Adrian is very much in a deciding mood right now. It is important for him to decide about all kinds of things. Primarily he decides about his own life, of course, the small things that a child can decide. But he also wants to decide what other people should do, and how. Things should be done just so and not any other way!
I used my fingers to hold a potato I was cutting up for him, instead of holding it with a fork, and this was so totally wrong that he was in tears. Du ska göra så, inte så! And the corn flakes need to be poured in his bowl before the oat squares, not after. (Or was it the other way round? I’m not sure any more…) It is also important to him do do things on his own, nej inte du, bara jag! just like last month. So now I usually confirm with him before I do anything that I think might affect him.
This has led to him offering me choices about all sorts of things, too. It’s always either-or choices. “Do you like this stone or this one?” Vill du ha den eller den? Do I want a small piece of bread or a large one? Do I want a skirt or trousers?
Of course there are also the things that don’t really affect him, but that he cares strongly about nevertheless. I want to change out of my office clothes when I get home; Adrian doesn’t think I should. Adrian doesn’t think Ingrid should stand where she is standing. Adrian doesn’t think others should talk funny, only he is allowed to do that. Sometimes I humour him; sometimes I really want to make my own decisions. Lots of drama and tears.
When he wants to get me to do something, and the first attempt does not work, he tries different strategies. Sometimes he does it the Ingrid way and asks with exagerrated politeness: snälla kan du göra det. Sometimes he shouts orders: du SKA göra det! Sometimes he just yells: GÖR DET! Sometimes he simply screeches.
He likes talking funny and making funny noises. Also he likes talking like a baby. Jag är bäbis, he tells us. They play mum and dad and baby at nursery, and I guess he is usually the baby.
He seems to enjoy this kind of pretending, but mostly in company with other kids. Sometimes he is a baby. Other times he is a tiger that roars. Sometimes he is a pirate who says “hah-haa!” like Pippi Longstocking does in the movie. Then he asks me if it was too scary and if I say yes, he does it more quietly and gently the next time.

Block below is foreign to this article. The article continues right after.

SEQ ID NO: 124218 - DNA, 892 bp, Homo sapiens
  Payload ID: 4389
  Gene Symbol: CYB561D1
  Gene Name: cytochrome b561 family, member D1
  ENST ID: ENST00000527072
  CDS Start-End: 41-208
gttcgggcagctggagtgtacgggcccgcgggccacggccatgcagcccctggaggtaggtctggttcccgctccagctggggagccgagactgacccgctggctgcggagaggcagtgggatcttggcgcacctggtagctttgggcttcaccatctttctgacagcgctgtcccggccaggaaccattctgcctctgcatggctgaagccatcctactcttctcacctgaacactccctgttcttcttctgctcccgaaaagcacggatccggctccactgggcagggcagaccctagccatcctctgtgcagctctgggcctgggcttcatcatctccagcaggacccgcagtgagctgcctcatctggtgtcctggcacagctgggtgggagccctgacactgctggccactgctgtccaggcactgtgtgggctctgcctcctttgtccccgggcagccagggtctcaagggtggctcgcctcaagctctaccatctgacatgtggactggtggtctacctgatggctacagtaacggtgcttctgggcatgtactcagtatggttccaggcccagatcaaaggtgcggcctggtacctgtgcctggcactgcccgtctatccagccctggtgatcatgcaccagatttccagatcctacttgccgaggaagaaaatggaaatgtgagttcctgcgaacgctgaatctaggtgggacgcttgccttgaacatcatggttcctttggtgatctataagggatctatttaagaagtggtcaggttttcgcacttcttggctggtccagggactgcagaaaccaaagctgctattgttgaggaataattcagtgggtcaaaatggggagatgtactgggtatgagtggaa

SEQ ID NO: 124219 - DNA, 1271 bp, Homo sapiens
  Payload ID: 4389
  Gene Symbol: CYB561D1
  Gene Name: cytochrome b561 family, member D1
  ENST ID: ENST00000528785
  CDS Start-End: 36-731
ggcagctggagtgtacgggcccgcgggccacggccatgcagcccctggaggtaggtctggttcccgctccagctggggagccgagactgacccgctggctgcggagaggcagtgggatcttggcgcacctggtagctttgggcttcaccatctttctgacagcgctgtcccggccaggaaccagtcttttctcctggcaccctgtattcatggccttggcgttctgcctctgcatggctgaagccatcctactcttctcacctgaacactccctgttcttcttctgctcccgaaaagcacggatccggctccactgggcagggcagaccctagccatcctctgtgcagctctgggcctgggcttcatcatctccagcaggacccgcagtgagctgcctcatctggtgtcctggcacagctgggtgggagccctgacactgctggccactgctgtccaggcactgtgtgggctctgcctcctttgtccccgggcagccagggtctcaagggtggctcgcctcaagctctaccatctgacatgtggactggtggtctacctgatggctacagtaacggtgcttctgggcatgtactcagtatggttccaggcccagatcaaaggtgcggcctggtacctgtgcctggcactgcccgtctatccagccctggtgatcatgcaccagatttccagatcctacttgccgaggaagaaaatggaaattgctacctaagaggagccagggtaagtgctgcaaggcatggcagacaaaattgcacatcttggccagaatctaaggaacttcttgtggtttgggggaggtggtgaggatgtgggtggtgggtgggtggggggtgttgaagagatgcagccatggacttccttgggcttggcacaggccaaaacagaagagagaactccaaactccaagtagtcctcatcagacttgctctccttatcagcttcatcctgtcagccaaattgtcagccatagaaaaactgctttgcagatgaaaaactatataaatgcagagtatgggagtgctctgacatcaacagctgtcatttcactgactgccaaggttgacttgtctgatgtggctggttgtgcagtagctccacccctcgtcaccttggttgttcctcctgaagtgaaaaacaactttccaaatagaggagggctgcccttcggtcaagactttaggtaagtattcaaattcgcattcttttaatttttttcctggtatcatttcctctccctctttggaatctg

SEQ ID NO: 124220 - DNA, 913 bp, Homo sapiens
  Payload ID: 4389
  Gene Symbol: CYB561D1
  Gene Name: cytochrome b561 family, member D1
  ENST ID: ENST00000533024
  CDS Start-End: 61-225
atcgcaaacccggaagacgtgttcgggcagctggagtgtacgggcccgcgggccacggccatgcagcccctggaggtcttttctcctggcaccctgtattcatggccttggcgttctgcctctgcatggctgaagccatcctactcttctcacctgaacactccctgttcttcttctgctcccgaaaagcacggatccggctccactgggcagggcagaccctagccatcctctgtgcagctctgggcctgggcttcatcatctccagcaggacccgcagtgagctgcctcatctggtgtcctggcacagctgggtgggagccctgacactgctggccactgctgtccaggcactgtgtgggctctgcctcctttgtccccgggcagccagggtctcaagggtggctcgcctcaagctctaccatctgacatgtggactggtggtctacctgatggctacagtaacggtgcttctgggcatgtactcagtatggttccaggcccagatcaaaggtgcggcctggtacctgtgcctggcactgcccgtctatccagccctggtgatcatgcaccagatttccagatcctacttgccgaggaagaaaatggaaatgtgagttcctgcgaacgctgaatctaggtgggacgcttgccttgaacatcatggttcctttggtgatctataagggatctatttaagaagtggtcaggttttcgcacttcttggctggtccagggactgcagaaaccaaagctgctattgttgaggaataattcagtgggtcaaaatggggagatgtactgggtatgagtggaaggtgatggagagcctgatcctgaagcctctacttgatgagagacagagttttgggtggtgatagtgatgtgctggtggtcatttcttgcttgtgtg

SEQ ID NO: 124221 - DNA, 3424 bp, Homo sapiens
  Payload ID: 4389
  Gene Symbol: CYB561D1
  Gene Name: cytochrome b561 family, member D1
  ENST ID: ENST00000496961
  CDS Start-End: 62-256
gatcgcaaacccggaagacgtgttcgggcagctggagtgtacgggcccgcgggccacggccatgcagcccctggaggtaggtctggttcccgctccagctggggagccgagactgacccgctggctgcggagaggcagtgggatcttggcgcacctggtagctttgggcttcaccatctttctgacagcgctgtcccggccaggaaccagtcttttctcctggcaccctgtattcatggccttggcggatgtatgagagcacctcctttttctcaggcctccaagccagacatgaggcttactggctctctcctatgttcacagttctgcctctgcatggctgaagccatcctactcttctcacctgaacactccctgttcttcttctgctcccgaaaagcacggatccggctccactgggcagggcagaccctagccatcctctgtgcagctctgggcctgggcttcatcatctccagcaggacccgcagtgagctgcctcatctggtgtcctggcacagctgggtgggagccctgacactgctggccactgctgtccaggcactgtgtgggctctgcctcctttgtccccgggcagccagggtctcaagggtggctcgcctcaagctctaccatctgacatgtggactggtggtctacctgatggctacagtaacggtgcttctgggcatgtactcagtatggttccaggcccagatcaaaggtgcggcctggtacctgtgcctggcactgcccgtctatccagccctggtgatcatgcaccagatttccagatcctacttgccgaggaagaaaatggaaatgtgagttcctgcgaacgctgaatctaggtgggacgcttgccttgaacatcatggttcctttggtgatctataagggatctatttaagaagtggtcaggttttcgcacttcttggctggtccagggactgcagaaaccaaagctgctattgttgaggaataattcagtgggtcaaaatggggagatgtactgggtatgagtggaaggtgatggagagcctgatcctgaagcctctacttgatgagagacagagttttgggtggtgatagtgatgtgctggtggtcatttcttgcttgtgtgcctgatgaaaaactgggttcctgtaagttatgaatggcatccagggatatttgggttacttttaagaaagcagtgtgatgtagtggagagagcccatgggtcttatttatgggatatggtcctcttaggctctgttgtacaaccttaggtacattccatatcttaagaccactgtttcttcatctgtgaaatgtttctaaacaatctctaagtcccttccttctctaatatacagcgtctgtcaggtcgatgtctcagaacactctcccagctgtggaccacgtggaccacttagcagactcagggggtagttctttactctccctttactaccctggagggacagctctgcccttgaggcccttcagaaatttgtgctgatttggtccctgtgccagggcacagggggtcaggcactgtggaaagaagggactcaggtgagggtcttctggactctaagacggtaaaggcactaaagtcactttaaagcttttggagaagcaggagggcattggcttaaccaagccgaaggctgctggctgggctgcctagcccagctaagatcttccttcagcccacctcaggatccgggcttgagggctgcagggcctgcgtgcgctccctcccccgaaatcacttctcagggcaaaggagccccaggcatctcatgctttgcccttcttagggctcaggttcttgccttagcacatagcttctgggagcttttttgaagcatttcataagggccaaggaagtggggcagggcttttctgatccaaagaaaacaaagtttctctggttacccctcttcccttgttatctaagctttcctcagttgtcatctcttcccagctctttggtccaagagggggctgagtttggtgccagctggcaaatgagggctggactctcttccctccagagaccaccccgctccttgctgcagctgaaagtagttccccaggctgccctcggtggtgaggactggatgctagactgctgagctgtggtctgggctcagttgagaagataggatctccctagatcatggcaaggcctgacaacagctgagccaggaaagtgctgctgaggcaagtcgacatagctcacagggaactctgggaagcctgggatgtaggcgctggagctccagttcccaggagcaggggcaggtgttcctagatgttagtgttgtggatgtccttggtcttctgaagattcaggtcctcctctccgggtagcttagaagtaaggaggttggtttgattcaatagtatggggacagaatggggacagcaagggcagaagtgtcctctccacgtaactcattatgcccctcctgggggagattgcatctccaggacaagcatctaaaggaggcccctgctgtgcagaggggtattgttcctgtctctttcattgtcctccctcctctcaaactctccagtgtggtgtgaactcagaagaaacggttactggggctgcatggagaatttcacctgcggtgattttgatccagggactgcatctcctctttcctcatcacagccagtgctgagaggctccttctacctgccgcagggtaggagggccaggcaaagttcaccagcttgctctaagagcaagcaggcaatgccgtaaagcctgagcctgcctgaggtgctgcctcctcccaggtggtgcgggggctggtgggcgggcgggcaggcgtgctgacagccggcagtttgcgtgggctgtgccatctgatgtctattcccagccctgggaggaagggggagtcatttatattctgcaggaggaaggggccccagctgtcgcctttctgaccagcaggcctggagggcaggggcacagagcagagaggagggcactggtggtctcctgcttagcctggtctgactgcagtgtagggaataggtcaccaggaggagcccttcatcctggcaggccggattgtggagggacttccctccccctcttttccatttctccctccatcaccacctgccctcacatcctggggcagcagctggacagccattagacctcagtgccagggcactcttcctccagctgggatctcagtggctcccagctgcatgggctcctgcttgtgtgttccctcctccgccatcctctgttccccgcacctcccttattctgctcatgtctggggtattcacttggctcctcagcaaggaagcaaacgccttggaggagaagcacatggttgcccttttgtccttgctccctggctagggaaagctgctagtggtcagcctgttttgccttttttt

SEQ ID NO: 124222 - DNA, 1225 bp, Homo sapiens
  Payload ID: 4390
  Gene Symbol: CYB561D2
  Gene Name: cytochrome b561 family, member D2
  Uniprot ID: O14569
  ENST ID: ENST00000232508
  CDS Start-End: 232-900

But these things should be done the right way. Only he talks funny; he doesn’t like us mimicking him. When he serves us toy food, we should pretend to eat it the right way, with the right pretend sounds. Not too realistically! “Only pretend” he admonishes when our mouth goes too near the toy corn cob.
He is interested in sizes. He talks about things being big or small, or medium (litemellan) or just right (lagom).
Adrian is also interested in names. Whenever he decides to talk to some stranger (such as the cashier at the supermarket, or some mom at the playground, or the man sitting next to us on the train) he asks for their name. Quite often they reply and then ask him the same. Usually he answers Adrian, but sometimes he also says he is lillebror, “little brother”.
He also asks me about others’ names: people we pass in the street, people in newspaper photos, in ads, and so on. And he often asks me about who lives in what house. Of course we pass a number of houses where we know the people: his friends, our neighbours, and so on. Some of them he knows perfectly well but he still likes to ask me. But he also asks me about strangers’ houses, and when I say I don’t know, he sometimes informs me that people live there, or a man, or a woman.
When someone asks him how old he is, he says he is two, and holds up two fingers. Now he has also sort of understood three: he knows that the older kids at nursery are now three years old, and he can hold up three fingers. Sometimes he can correctly say when there are three of something, such as potatoes on his plate, but sometimes he also says three when it’s really four.
On two occasions recently he has surprised me by trying new food. Once he ate sugar snap peas. And once he actually ate real cooked food with several ingredients: a tomato soup with macaroni and sweetcorn. Otherwise he still subsists on carbs (bread, pasta, rice, potatoes, cereal), meatballs and fish fingers, fruit, and sweetcorn and peas.
- Face painting. Ingrid and Adrian have painted each other several times.
- Blowing dandelions with Ingrid. But he doesn’t like getting any of the seeds on him or his stroller. He is OK with having sand all over himself, but not “stuff”.
- His Lightning McQueen baseball cap.
- Ingrid’s hair clips with a picture of Tinkerbell.